Hi y’all —
The Glums are generally not a competitive bunch…
…but our Bananagrams games are notoriously intense.
There’s a lot of shouting and sabotage. We have house rules and high standards. Being invited to play is a rite of passage for newcomers, but if you spell a word wrong — or, God forbid, try to sneak in a proper noun — we will eviscerate you.
The competition can be fun, but it often comes with consequences (re: the shouting). That’s true in the financial world, too.
Just look at the Credit Card Competition Act, a piece of legislation that’s been floating around lately. It has potential ramifications for credit card processors, banks and rewards programs, which has made it a pretty hot-button issue. Critics on both sides are talking about it constantly even though the proposal isn’t before Congress yet.
What’s going on with the Credit Card Competition Act? How would it affect everyday consumers?
Let's start at the beginning.
The Credit Card Competition Act was introduced by Sens. Dick Durbin, D-Ill., and Roger Marshall, R-Kan., last summer. Though it didn’t go anywhere, the legislators have indicated they’re gearing up to introduce it again soon.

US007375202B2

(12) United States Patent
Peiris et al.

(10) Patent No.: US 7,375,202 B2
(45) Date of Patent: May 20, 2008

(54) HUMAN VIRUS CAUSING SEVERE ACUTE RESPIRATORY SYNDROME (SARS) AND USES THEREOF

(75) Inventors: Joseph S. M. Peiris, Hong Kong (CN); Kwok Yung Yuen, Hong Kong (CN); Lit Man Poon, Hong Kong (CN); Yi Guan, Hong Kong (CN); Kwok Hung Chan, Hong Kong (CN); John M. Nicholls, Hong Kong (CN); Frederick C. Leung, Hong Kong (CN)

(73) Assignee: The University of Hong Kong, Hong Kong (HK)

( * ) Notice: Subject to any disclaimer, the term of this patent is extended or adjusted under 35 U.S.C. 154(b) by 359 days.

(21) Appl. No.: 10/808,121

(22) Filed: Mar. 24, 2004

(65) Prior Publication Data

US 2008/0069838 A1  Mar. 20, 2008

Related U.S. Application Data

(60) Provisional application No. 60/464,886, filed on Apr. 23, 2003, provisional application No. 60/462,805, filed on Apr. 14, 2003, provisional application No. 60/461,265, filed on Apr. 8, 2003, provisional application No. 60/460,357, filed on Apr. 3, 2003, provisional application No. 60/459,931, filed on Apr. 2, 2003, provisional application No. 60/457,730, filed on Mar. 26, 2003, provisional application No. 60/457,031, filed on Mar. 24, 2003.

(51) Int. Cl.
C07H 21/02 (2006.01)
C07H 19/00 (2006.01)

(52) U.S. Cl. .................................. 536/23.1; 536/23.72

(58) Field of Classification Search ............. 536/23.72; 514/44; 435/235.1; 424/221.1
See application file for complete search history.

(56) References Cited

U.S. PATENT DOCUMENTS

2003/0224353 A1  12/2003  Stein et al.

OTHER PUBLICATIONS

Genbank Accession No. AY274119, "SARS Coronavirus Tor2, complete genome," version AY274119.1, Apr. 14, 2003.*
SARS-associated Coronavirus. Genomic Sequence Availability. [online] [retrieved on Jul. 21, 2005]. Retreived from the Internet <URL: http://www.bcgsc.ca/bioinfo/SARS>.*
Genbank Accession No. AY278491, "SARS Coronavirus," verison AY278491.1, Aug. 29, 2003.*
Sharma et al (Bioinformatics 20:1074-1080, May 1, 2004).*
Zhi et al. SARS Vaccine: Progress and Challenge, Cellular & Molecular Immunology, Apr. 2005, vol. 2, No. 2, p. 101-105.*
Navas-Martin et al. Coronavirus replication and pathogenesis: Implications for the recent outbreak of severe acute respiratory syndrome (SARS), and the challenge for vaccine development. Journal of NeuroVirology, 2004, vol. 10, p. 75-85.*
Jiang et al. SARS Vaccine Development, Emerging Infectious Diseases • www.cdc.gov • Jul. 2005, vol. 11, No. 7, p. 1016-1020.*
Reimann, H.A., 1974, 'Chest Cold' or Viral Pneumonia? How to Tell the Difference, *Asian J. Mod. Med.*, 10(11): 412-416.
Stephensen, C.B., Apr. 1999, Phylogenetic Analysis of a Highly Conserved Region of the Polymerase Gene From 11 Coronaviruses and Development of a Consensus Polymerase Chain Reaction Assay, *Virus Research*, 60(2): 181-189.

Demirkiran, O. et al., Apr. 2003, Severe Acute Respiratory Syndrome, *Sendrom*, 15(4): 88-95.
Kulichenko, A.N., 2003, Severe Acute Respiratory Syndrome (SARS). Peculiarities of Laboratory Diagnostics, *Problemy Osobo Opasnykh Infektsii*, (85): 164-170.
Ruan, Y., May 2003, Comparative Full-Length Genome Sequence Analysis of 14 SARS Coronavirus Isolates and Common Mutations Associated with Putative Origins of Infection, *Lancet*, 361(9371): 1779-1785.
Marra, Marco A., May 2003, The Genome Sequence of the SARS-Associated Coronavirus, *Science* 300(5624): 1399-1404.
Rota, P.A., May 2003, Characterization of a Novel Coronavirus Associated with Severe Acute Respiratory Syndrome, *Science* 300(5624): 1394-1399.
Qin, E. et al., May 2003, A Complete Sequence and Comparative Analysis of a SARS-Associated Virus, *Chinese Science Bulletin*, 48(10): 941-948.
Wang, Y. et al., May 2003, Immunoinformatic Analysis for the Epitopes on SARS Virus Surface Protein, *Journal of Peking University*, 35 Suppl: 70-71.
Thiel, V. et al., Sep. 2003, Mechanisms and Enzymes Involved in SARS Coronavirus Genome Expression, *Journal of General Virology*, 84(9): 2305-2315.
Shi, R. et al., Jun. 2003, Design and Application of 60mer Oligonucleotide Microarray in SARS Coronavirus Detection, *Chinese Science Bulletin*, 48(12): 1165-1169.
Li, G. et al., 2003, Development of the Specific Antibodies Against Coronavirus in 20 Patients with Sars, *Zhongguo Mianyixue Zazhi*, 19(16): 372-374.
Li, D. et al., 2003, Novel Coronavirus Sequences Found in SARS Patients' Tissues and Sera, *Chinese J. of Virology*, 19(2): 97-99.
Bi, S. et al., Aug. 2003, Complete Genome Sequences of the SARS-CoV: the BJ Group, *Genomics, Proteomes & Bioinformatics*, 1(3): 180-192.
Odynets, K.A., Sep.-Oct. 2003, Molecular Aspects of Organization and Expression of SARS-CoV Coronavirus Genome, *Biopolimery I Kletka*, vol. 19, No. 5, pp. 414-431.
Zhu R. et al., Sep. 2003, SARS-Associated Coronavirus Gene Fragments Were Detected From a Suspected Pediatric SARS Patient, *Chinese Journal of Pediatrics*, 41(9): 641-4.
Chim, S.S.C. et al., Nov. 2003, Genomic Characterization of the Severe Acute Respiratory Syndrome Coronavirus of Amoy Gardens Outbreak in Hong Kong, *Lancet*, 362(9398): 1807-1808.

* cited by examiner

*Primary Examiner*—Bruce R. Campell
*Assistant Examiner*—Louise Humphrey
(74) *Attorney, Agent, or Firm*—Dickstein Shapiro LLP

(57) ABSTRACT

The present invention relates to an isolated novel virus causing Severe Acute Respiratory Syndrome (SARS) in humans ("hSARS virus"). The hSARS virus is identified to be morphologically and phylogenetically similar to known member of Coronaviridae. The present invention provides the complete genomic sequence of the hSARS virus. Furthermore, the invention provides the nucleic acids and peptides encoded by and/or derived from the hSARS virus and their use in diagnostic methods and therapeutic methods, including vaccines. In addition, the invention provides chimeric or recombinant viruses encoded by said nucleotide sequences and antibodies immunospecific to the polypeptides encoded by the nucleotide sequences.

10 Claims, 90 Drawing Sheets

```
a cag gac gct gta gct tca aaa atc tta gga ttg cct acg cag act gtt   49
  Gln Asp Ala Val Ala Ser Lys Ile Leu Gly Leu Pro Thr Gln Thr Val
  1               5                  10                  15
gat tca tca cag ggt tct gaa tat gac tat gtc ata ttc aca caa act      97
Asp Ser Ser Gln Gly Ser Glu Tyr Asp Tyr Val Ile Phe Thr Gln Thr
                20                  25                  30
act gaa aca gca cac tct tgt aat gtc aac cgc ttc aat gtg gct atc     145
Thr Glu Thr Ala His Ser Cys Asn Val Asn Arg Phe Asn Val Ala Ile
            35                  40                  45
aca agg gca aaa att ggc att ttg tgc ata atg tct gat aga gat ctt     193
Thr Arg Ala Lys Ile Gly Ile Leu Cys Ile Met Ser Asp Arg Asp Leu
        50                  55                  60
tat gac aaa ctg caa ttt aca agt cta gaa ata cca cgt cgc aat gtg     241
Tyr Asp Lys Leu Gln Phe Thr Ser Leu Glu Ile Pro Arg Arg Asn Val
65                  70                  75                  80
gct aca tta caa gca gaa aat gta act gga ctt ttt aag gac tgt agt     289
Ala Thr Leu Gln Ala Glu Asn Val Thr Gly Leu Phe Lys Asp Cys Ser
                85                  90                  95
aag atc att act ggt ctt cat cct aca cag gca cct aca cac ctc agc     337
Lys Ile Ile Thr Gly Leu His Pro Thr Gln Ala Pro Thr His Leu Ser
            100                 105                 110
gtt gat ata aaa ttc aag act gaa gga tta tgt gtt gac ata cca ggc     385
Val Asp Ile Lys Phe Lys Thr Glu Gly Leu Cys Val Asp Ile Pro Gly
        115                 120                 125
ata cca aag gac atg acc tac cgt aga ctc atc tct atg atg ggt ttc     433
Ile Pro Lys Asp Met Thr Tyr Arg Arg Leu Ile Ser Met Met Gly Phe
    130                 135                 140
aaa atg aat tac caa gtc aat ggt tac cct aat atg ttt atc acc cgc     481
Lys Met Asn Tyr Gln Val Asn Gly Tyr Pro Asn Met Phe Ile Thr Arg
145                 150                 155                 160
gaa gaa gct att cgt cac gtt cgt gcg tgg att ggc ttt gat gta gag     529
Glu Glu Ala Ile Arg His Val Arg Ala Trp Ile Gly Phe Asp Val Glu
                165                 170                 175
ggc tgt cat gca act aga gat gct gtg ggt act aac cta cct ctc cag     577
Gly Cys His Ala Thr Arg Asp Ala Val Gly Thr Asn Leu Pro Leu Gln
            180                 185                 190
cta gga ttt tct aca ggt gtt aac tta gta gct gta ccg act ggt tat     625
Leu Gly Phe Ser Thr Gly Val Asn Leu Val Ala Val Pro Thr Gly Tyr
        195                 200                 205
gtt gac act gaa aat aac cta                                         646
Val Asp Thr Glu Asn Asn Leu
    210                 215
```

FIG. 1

The nitty gritty details of the bill are all about network access and credit card transactions. Basically, every time I use a credit card at a store or online, the bank that issued me that card charges the merchant a fee. This is called an interchange, or swipe, fee.
The amount of the fee is set by the card processor, like Visa or Mastercard. The merchants have no say in the matter because Visa and Mastercard dominate the networks over which the transactions are routed.
“It is as if there was a milk cartel [that said], ‘We’re going to tell all the grocery stores how much to charge for milk,’ and they all said, ‘Sure, great idea, we’ll go with that,’” says Doug Kantor, general counsel at the NACS, a trade association for convenience stores and gas stations.
The fees are hefty. According to a 2022 report from payments advisory firm CMSPI, U.S. credit card interchange fees are some of the highest in the world — 1.8% compared to 0.3% in the U.K.
To cope, Kantor says, merchants often pass the fees onto consumers like me in the form of inflated prices. (That’s also why some small businesses put those legally dubious signs by the register about credit card surcharges.)